Kimberly Steinhoff December 6, 2019 Family Budget
Once your checkbook is balanced, you should take a moment to look at the wealth of information contained therein. What? What is this wealth of information you are talking about? Try looking at your checkbook as a snap shot of your spending habits over time. By looking at what you purchase, where you go to purchase it, and how frequently you travel there to purchase it; it will soon be clear to your brain that all of those little trips to the store sure do add up! Look at all the gas you are using, and the wear and tear you are putting on your vehicle. Since you are spending the money already, you might as well purchase the items once a week and not on an everyday basis. Likewise, since you already know the items that you purchase on a daily basis, you might consider buying them in bulk (only if bulk means costing less!).
- Family Budget Spreadsheet: It gives an outlay of budget for the whole year. Trying to fulfill some long term goals, like purchasing a car or home? This spreadsheet will help to exercise budgets economically and help to determine approximately the money that can be saved in a year, based on earlier expense patterns. - Home Budget Worksheet: This helps to chart out family as well as personal budgets for a year. One can store information about mortgages, savings, installments, debt, interests, and several other categories.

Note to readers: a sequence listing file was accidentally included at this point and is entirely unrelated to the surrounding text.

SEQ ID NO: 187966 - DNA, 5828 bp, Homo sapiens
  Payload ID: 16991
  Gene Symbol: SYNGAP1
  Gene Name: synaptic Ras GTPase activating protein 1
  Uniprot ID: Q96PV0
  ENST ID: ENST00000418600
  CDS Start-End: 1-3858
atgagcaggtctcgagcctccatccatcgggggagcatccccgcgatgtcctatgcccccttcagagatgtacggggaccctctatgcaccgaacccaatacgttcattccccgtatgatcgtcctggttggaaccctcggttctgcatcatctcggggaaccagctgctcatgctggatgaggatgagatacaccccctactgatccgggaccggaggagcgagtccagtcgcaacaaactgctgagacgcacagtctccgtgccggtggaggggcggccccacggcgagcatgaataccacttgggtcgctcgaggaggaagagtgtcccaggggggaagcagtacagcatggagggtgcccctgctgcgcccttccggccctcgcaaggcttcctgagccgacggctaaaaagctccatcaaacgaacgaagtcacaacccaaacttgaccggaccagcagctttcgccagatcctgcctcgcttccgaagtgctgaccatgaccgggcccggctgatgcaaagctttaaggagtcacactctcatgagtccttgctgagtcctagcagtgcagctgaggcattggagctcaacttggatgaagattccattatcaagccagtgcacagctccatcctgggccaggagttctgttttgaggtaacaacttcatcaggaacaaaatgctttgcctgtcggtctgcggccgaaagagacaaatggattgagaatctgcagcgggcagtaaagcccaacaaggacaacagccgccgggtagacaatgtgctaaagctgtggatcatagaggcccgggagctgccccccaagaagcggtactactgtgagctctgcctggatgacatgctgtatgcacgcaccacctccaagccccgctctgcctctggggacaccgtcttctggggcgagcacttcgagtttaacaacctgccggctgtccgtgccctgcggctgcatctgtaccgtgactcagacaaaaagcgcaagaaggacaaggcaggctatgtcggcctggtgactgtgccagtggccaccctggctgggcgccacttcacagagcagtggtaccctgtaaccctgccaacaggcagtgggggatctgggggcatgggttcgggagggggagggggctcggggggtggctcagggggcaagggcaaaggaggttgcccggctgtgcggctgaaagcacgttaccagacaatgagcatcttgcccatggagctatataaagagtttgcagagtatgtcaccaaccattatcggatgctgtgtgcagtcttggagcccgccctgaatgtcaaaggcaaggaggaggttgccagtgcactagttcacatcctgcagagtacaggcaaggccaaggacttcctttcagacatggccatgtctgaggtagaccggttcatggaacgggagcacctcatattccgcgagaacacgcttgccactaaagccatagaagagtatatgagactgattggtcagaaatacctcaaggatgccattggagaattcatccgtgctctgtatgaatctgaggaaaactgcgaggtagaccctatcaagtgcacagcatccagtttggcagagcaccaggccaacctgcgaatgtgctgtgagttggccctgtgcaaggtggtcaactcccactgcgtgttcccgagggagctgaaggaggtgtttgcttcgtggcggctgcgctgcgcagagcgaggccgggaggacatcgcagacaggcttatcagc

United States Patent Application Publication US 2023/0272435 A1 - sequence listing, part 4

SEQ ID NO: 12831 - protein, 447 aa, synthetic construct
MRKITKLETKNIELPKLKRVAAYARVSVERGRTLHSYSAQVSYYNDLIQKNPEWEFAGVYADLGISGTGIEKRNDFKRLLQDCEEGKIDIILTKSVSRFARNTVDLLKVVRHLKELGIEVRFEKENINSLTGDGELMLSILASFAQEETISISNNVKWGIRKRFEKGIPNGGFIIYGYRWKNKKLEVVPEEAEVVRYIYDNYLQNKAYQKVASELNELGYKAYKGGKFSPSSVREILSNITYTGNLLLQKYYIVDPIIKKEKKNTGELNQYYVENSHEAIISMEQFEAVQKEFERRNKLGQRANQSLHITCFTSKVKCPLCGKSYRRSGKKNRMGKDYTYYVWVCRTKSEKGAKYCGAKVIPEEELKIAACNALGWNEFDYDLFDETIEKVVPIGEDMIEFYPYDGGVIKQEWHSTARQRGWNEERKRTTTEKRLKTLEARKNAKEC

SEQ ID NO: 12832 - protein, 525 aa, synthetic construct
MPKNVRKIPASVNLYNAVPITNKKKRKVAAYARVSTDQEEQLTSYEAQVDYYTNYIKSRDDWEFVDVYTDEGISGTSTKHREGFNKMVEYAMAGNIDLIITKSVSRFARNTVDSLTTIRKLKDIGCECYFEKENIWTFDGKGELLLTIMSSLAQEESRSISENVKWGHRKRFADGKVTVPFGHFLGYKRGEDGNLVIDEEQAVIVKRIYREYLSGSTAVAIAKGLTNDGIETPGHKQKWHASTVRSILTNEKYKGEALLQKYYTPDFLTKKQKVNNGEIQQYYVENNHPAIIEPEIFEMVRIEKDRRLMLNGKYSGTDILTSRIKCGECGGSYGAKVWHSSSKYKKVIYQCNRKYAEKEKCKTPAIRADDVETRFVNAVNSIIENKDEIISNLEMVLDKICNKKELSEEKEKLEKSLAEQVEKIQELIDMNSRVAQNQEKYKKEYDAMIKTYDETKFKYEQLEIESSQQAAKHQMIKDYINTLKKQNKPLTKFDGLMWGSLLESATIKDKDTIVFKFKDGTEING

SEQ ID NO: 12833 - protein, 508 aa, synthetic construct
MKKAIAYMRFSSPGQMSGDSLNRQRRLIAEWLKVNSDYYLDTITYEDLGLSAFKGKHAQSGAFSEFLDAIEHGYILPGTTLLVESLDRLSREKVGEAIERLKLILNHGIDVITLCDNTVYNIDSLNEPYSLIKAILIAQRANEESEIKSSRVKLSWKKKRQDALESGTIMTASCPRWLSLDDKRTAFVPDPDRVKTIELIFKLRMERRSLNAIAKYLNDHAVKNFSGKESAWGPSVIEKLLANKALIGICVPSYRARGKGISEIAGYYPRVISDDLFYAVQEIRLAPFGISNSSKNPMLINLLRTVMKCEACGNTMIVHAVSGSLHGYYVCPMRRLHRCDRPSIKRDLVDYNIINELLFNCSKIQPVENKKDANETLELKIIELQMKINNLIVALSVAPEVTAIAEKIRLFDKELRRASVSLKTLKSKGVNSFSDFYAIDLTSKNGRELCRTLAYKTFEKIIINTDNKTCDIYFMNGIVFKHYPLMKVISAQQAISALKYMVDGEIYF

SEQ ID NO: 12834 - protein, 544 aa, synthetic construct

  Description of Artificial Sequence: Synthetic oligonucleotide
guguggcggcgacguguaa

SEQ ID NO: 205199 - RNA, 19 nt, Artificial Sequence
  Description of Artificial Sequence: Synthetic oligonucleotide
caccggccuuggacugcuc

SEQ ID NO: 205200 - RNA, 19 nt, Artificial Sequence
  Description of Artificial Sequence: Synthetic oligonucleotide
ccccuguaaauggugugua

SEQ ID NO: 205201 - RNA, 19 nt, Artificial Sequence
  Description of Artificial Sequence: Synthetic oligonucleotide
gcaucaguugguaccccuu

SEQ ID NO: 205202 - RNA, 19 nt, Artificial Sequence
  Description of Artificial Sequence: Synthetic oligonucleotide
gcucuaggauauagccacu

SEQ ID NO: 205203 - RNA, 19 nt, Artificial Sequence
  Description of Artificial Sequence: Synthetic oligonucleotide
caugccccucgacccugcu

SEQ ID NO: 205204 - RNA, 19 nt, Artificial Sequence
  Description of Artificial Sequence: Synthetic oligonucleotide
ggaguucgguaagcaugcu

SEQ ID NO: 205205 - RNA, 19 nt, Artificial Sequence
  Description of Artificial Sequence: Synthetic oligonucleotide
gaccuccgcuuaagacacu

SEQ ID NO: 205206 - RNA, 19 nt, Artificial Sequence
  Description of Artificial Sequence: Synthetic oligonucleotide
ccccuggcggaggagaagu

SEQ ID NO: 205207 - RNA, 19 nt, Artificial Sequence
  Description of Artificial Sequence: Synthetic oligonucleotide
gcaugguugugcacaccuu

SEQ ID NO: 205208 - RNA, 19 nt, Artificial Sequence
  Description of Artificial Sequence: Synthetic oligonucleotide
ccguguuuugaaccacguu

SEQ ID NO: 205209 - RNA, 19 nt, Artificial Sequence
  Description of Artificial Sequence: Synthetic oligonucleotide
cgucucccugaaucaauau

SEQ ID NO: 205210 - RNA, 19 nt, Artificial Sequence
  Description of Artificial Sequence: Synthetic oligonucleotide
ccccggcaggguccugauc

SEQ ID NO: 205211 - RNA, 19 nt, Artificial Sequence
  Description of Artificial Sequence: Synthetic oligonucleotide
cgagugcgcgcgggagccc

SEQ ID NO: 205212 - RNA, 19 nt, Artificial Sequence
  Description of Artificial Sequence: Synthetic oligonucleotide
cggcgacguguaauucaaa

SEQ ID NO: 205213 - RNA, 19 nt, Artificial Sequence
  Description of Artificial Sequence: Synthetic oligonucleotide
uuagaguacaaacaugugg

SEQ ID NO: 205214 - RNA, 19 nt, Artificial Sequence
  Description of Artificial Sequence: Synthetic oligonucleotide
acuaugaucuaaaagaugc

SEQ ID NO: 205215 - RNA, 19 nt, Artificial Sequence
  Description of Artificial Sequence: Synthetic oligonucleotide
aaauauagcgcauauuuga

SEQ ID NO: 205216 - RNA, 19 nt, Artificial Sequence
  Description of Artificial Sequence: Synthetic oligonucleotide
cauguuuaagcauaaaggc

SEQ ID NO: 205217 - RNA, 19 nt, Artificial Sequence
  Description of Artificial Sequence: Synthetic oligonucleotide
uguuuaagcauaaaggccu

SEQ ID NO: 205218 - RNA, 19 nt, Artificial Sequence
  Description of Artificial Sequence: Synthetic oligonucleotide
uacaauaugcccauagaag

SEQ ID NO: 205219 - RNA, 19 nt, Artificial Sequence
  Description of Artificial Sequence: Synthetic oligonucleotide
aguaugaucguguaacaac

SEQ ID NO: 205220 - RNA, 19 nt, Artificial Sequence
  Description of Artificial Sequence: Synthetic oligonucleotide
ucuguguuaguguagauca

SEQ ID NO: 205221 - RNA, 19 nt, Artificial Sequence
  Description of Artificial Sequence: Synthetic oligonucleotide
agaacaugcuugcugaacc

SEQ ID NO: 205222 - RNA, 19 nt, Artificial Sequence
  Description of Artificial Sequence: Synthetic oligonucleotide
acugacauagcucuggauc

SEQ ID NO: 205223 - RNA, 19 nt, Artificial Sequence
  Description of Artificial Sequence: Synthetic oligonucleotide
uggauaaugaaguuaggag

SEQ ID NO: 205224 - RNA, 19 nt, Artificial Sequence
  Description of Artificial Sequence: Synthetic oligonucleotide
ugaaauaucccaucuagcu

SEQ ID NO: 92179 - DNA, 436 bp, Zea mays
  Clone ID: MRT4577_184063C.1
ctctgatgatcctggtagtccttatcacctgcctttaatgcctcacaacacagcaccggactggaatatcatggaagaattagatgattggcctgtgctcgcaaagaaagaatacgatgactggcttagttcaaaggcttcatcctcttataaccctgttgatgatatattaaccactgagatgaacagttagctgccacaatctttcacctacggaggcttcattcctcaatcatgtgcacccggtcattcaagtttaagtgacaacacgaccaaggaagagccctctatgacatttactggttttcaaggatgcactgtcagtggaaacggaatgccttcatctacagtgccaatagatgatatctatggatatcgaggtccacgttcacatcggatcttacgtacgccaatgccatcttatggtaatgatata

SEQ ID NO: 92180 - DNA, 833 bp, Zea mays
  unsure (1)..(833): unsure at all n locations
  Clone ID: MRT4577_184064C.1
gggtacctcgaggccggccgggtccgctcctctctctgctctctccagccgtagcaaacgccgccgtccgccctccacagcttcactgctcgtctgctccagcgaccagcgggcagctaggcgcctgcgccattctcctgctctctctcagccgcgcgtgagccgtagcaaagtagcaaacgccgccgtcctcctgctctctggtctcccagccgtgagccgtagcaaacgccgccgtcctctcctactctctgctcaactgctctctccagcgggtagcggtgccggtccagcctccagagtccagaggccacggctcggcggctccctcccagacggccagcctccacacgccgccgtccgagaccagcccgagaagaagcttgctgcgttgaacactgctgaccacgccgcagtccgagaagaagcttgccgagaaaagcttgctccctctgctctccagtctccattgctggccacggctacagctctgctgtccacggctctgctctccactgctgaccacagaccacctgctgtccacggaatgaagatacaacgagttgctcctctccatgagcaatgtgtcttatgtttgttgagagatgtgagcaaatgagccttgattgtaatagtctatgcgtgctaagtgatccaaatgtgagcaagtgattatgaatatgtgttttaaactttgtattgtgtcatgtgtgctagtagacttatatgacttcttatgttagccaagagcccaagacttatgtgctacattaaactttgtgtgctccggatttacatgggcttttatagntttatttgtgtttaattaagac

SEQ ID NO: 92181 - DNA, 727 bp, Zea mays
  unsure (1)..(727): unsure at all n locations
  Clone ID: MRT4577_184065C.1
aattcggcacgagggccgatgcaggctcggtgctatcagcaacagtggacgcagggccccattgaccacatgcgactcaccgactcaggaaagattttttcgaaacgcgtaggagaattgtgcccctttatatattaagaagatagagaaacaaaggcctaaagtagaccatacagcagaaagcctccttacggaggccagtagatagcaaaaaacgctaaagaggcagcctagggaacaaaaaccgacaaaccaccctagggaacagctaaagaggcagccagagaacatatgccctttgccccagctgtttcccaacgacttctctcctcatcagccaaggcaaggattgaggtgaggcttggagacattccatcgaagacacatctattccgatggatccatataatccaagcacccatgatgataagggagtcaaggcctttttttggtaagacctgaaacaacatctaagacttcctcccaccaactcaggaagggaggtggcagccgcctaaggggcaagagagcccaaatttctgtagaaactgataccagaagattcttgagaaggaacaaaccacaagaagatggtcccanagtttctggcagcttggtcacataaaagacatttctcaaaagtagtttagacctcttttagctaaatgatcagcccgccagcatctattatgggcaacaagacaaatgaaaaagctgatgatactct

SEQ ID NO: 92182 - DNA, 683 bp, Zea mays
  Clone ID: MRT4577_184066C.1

The budgeting process is designed to be flexible; and you should have an expectation that a budget will change from month to month, and will require ongoing monthly review. Expense overruns in one category of a budget should in the next month be accounted for or prevented. For example, if you or your family spends $50 more than planned on groceries, next month`s budget should reflect a$50 increase and decreases of $50 in other parts of their budget.
Personal/ Family budgets, or spending plans, are tools that can help you meet your financial goals. The process of building a budget can help you to take a hard look at your priorities and to determine whether you are on track to reaching your financial goals. A budget is a list of expenses and income. It is the amounts of money that currently comes in and out each month/year. It is also the projected in and out amounts of each month/year.
Be open and honest about the family`s financial dilemma and discuss your expectations, goals and visions for the near and distant future. If your children are old enough to understand the concept of money, they can be of great constructive help and will also learn from this exercise. When each family member is involved in the budget project - particularly teens, it saves a great deal of energy when having to make excuses to them of why they ca not buy this or have that. Informing them of what is going on will help to avoid future arguments and any counterproductive actions on their part that could end up making the situation worse.
First, you must balance your checkbook. You can either use software, or pen and paper to accomplish this task. Now, if the concept of balancing a checkbook eludes you, just search the internet on how to balance your checkbook. And, as you balance your checkbook, you should pay particular attention to missed transactions, bad math, or any unexpected transactions. I remember that on one occasion I had recorded an unexpected deposit as a withdraw in my checkbook register. So, to my chagrin, my $150.00 deposit became on paper, a $300.00 withdraw.